Warlight, by Michael Ondaatje. Pub 2018
I haven’t been an Ondaatje fan, but a duo of events led me to read his latest: first, last week I found myself at a conference in Montreal, having finished the only book I brought with me and discovered that my Kindle battery was in need of a charge (and me without my charger); a wander through a nearby Chapters led to the discovery of this book (on sale). And second, a friend has invited me to attend an event with Ondaatje, so it seemed to make sense to at least own it if not read it.
I have read two previous Ondaatje novels – The English Patient (almost mandatory reading for any female Canadian over the age of 30), and In the Skin of the Lion (read second in the search for the greatness everyone spoke about in the first). I did enjoy the latter, although not enough to seek out more, but I found the former to be a slog.
Warlight is, for me, in the middle of these previous two. The story is interesting – two young children abandoned by parents who may or may not be spies to the care of some rather shady people in post-war London. Pathos ensues – and I was compelled to complete the book hoping for resolution of the many characters and plot lines. Unfortunately, despite (or perhaps because of) the plummy language and the shady atmospheres, in the end not enough is revealed to be satisfying. The fates of several characters are not resolved, including the sister, an allegedly central character who’s location and disposition at the end remain a mystery for reasons that are not at all clear. There are also missed opportunities to explore the post-war London world; the bombed out buildings and streets should have been omnipresent for the children in 1945 and yet are given just occasional passing reference, such that the moody landscape hinted at by the title is not realized.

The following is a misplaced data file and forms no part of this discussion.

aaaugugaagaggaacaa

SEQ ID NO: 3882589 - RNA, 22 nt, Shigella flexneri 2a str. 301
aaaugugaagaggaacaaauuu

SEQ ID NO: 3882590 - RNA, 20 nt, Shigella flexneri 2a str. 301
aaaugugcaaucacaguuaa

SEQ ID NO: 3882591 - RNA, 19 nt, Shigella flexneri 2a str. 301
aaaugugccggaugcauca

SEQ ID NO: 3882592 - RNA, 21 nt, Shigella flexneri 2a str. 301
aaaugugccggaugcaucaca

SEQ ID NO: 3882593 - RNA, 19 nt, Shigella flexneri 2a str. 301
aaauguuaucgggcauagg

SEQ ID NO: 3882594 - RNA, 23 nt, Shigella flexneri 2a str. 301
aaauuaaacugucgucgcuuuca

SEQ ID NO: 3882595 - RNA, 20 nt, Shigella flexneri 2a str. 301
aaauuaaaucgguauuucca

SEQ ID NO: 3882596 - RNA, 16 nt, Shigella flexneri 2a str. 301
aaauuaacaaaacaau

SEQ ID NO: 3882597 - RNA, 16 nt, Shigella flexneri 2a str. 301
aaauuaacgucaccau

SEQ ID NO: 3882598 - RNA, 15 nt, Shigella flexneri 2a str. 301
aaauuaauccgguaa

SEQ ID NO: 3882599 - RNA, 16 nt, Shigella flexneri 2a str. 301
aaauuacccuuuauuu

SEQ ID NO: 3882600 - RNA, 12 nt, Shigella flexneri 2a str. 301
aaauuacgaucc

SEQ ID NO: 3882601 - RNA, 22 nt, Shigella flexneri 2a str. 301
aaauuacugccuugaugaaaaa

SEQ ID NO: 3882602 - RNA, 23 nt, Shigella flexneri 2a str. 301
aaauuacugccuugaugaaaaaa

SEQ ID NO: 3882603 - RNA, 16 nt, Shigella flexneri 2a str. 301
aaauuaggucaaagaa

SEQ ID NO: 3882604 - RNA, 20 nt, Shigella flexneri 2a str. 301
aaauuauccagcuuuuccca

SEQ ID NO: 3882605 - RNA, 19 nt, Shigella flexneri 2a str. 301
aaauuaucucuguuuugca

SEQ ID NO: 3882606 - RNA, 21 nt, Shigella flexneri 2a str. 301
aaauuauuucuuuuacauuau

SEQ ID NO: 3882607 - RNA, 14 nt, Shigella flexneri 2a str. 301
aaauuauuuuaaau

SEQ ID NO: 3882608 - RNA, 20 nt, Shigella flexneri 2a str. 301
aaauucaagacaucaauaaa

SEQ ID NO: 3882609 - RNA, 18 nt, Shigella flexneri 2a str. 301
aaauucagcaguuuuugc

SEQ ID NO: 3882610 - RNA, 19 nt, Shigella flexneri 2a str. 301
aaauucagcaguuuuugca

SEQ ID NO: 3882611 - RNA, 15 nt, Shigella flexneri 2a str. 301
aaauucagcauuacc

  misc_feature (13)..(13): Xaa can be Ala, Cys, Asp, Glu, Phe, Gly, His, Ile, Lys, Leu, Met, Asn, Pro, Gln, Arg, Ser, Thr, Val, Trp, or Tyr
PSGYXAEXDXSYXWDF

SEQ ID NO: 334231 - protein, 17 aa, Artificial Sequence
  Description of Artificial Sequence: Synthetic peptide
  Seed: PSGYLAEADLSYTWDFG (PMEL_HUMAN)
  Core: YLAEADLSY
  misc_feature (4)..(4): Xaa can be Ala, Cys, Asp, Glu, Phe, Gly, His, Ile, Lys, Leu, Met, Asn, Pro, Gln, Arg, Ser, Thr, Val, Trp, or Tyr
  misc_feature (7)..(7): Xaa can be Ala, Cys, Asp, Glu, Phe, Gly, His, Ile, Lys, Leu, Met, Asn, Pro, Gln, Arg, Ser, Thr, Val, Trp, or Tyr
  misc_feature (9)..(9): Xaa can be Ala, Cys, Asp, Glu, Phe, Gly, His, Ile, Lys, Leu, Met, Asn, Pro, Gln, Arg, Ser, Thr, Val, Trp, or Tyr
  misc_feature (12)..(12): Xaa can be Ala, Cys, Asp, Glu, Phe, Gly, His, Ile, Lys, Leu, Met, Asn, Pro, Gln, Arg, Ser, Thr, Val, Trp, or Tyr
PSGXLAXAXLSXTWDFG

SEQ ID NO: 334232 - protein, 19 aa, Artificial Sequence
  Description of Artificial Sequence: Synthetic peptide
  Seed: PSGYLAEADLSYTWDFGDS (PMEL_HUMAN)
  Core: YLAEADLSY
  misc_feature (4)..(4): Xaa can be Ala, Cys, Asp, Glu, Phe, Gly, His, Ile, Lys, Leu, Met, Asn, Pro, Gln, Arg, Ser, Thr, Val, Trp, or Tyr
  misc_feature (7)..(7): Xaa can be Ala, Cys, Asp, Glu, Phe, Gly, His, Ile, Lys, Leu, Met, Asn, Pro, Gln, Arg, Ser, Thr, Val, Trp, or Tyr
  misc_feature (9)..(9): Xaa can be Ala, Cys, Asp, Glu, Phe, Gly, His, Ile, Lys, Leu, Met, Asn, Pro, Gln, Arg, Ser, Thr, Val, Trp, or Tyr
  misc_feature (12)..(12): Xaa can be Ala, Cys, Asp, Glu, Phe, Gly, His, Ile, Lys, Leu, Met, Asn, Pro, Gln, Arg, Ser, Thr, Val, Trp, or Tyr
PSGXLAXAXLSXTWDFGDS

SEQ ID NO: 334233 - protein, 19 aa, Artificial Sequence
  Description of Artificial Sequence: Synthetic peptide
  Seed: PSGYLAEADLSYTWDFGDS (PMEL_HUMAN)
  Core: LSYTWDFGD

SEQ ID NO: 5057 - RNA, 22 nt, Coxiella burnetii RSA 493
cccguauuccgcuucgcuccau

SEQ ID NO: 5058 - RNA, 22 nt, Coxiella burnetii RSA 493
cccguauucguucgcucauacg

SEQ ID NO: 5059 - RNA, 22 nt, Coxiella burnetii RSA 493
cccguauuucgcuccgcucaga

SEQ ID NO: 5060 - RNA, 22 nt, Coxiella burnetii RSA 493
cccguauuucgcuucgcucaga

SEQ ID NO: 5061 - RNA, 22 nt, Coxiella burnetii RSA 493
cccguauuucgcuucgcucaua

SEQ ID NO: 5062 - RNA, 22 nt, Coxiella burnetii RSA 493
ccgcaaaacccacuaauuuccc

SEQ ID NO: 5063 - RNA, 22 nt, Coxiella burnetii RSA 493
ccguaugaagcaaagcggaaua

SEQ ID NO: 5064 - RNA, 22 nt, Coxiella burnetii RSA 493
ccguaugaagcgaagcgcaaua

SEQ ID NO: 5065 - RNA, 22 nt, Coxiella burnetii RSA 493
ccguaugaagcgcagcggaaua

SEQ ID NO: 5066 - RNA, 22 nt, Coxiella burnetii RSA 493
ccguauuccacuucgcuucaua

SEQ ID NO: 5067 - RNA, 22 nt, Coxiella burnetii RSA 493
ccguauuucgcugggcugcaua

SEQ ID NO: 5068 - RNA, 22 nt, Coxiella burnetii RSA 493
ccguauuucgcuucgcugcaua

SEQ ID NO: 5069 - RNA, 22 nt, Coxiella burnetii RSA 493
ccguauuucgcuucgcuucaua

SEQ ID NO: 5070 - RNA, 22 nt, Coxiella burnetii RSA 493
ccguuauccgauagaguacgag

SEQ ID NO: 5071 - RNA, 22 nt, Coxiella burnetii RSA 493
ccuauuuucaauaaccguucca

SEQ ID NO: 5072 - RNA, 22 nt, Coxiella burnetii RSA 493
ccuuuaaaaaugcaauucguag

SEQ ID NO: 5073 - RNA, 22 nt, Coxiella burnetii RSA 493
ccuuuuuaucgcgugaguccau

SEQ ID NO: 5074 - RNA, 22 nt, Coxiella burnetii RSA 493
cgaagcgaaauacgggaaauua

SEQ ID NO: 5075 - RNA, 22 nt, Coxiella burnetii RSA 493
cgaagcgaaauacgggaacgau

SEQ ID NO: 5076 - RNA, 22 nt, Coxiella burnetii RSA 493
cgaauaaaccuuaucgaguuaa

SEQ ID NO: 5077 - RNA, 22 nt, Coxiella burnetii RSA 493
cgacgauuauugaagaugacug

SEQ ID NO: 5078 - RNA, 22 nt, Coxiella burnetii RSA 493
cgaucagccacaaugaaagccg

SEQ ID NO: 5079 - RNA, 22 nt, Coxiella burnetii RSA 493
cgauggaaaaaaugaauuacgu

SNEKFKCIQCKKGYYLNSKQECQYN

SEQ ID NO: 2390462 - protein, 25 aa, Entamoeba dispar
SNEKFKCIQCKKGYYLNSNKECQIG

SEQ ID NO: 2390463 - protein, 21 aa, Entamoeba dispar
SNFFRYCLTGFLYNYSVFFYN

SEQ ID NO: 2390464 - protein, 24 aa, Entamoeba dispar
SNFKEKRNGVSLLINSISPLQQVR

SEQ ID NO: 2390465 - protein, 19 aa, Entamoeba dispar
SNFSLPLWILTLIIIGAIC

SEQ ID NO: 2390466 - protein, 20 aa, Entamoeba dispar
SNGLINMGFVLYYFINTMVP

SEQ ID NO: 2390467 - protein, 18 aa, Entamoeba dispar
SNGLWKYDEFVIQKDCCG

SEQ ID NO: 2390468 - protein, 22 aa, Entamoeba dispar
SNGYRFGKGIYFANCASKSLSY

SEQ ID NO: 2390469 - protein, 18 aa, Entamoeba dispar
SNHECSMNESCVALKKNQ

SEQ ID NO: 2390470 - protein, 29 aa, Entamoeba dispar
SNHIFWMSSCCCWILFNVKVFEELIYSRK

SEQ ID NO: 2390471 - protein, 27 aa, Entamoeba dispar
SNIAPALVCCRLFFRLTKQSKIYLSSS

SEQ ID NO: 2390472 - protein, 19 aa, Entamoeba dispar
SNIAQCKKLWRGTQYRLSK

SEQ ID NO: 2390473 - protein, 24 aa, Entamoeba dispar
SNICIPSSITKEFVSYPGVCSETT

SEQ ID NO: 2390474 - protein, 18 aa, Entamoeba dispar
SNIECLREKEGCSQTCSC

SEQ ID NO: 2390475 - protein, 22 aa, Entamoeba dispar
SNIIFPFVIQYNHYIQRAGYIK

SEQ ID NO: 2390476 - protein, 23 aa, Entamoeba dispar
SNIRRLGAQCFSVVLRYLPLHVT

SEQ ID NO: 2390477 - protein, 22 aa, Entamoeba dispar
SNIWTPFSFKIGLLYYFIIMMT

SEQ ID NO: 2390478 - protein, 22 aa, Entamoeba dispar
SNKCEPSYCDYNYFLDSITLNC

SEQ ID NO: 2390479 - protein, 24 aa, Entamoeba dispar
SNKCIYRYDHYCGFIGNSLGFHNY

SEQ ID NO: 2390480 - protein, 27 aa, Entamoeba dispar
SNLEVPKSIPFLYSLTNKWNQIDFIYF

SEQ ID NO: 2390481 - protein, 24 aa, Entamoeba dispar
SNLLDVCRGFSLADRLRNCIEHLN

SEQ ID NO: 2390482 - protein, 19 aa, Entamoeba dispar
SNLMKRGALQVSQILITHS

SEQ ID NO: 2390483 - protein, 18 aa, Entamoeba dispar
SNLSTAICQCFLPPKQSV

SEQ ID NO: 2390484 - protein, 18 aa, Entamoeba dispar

I was hopeful that this novel would have been an exploration of the fallibility of memory, like Paul’s recollections in The Only Story earlier this year. But the main character is barely 30 years old, and while certainly has lived many lives worth of upheaval and grief, still has several decades to explore and alter his own story. He also confesses several times that he’s filling in the blanks of the story he can piece together (“I know how to fill in a story from a grain of sand or a fragment of discovered truth”, he says rather poetically about himself) so is another unreliable narrator, weaving a tale of his life that is mostly his own imagination, and so in some ways, like Paul, a storyteller not to be fully trusted. In the case of Warlight, it does leave the reader wondering: why do I care about this story if the narrator doesn’t even fully believe it? Why is he even telling it at all? That combined with the unresolved story of the sister and the lack of exploration of the landscape, left me feeling unsatisfied. Especially as the novel is relatively short – just 245 small pages – so had some room for additional narrative to fill in those gaps.
So ultimately, I remain a non-Ondaatje fan. The novels are unsatisfying – unresolved stories, unfinished characters and landscapes, unbelievable storytellers, language that is approaching poetic but not lyrical. I know as a Canadian I’m supposed to love Ondaatje (ditto Joseph Boyden), but I just can’t. It’s not them, it’s me.
Additional quibble: the book jacket design makes no sense. A photo of two people gambolling on a beach with a dog reflects nothing about the story, characters, setting, or even the atmosphere of the novel inside.
Trivia: this is the third book this year to include mention of a Belisha beacon. I’d never heard this term before, now three times in 6 months. The literary equivalent of “trending”. #Belishabeacon
20. A book with a one-word title.